Several authors also assert that establishing a therapeutic patient-physician relationship contributes to care continuity [31],[32]. Numerous studies have shown the positive effects associated with care continuity, including greater satisfaction on the part of both patients and physicians, improved compliance with treatments, reduced emergency room usage, and fewer hospitalizations [33]. As well, it is especially important for patients to be able to count on a primary care provider who knows their personal situation and is the primary person in charge of their care, an attribute which we refer to as relational continuity [8]. Relational continuity is defined by a therapeutic relationship between a patient and one or more care providers, over a span of time and for various health services, which results in providers' accumulated knowledge about the patient as well as services that are consistent with the patient's needs [8]. Several studies suggest that this relational aspect is a very high priority for patients [8],[34]-[38]. Likewise, the Institute of Medicine considers a sustained patient-physician relationship to be a core element of primary care [39].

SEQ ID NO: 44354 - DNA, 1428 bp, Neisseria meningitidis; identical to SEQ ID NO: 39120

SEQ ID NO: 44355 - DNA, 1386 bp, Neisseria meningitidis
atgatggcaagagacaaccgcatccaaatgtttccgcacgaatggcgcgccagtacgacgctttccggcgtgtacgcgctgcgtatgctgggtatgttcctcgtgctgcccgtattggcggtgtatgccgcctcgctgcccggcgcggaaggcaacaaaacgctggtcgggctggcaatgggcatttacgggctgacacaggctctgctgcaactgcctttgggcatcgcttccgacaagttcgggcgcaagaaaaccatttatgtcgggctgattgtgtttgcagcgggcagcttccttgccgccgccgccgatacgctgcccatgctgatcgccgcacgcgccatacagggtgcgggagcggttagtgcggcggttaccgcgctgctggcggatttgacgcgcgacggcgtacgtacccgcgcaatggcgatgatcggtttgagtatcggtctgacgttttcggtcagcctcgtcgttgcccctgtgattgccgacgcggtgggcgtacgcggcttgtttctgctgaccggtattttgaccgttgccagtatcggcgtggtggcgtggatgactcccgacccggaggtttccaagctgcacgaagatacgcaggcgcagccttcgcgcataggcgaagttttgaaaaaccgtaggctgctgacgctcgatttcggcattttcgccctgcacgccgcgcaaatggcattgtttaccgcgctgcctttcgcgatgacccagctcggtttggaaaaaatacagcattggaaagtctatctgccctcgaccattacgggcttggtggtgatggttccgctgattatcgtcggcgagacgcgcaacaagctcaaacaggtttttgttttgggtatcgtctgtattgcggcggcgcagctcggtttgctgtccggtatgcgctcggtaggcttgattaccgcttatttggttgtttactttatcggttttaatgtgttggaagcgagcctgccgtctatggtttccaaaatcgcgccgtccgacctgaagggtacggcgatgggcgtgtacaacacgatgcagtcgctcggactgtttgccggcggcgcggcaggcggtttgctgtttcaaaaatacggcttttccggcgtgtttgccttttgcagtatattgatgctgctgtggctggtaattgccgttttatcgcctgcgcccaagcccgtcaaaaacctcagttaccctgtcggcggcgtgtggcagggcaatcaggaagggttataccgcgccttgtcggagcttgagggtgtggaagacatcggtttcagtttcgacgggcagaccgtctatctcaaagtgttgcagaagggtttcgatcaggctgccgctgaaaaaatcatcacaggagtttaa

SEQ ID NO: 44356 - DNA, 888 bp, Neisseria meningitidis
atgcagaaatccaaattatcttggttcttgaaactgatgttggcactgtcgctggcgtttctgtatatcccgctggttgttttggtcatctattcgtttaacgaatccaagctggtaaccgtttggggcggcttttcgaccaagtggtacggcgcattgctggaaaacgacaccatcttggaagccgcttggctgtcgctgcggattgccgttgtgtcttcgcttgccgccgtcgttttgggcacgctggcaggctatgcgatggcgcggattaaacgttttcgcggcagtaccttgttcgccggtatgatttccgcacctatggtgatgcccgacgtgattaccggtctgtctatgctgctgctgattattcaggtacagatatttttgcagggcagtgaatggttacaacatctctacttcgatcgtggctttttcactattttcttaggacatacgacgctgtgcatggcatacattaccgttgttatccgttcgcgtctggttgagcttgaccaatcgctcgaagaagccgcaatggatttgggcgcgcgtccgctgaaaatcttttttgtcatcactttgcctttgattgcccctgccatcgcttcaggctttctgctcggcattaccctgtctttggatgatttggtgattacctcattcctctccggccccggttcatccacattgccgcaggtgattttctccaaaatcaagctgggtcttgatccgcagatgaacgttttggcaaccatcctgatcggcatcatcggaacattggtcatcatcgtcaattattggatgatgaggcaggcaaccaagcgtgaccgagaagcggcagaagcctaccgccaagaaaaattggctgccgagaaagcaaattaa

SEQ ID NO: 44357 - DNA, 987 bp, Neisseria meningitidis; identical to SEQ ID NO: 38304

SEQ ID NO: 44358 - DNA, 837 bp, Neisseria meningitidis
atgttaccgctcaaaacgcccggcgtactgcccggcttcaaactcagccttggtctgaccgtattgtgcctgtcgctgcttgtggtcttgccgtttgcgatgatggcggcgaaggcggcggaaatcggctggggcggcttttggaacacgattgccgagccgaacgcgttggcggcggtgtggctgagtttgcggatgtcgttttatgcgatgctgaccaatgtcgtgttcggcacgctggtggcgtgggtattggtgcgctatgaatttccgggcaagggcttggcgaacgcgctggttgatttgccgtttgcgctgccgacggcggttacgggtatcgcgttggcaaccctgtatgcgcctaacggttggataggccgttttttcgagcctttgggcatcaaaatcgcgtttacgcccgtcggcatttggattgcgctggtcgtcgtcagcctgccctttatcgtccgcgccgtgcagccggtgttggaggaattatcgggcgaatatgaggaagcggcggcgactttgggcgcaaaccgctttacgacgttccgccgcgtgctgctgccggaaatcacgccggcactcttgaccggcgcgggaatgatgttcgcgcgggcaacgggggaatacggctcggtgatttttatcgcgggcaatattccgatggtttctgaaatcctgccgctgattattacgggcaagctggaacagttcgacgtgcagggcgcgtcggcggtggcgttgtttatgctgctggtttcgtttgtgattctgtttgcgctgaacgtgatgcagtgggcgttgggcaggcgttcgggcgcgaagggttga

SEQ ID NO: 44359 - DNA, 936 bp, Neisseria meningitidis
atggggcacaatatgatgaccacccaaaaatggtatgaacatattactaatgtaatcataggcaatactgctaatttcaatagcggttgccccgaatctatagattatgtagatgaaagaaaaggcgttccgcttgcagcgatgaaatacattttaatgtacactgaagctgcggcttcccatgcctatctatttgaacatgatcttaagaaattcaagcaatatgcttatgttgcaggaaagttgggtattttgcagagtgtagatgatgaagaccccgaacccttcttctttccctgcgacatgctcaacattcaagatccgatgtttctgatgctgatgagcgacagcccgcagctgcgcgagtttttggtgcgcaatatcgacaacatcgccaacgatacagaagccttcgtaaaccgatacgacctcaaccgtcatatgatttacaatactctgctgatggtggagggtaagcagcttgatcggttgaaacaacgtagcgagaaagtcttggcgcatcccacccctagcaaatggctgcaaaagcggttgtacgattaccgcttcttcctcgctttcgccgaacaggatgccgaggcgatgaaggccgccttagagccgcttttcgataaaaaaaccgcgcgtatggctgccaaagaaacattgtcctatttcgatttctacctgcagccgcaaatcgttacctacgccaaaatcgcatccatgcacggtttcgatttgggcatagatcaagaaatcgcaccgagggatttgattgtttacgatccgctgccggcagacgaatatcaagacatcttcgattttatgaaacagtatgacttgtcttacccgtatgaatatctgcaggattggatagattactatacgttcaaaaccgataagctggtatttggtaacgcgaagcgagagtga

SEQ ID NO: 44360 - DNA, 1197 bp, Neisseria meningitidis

Despite these many recommendations, the issue of affiliation with a family physician remains a concern for Canadians, as nearly 21% of the country's population reported not having a family physician in the last Commonwealth Fund survey [40]. This situation is even more pronounced in Quebec, where nearly 29% of the population reported not having a family physician, the worst score in Canada [40]. In addition, of the residents of Quebec without a family physician, 60% reported that they had been unable to find a physician when they needed one [18]. Not having a family physician is especially critical for patients with the greatest needs (e.g., those who perceive themselves to be in poor health, or have one or more chronic illnesses, or have been hospitalized or undergone major surgery). For these patients presenting the greatest needs, Quebec again is in last place among the Canadian provinces in terms of patients without a family physician, as nearly 16% of these patients fall in that category [41]. This state of affairs is not unique, as vulnerable clienteles are known to experience significant difficulty in accessing primary care (inverse care law) [11],[42],[43] and receive the fewest preventive and screening services in primary care [9]. The considerable number of patients without a family physician in Canada is therefore a major issue [31],[44].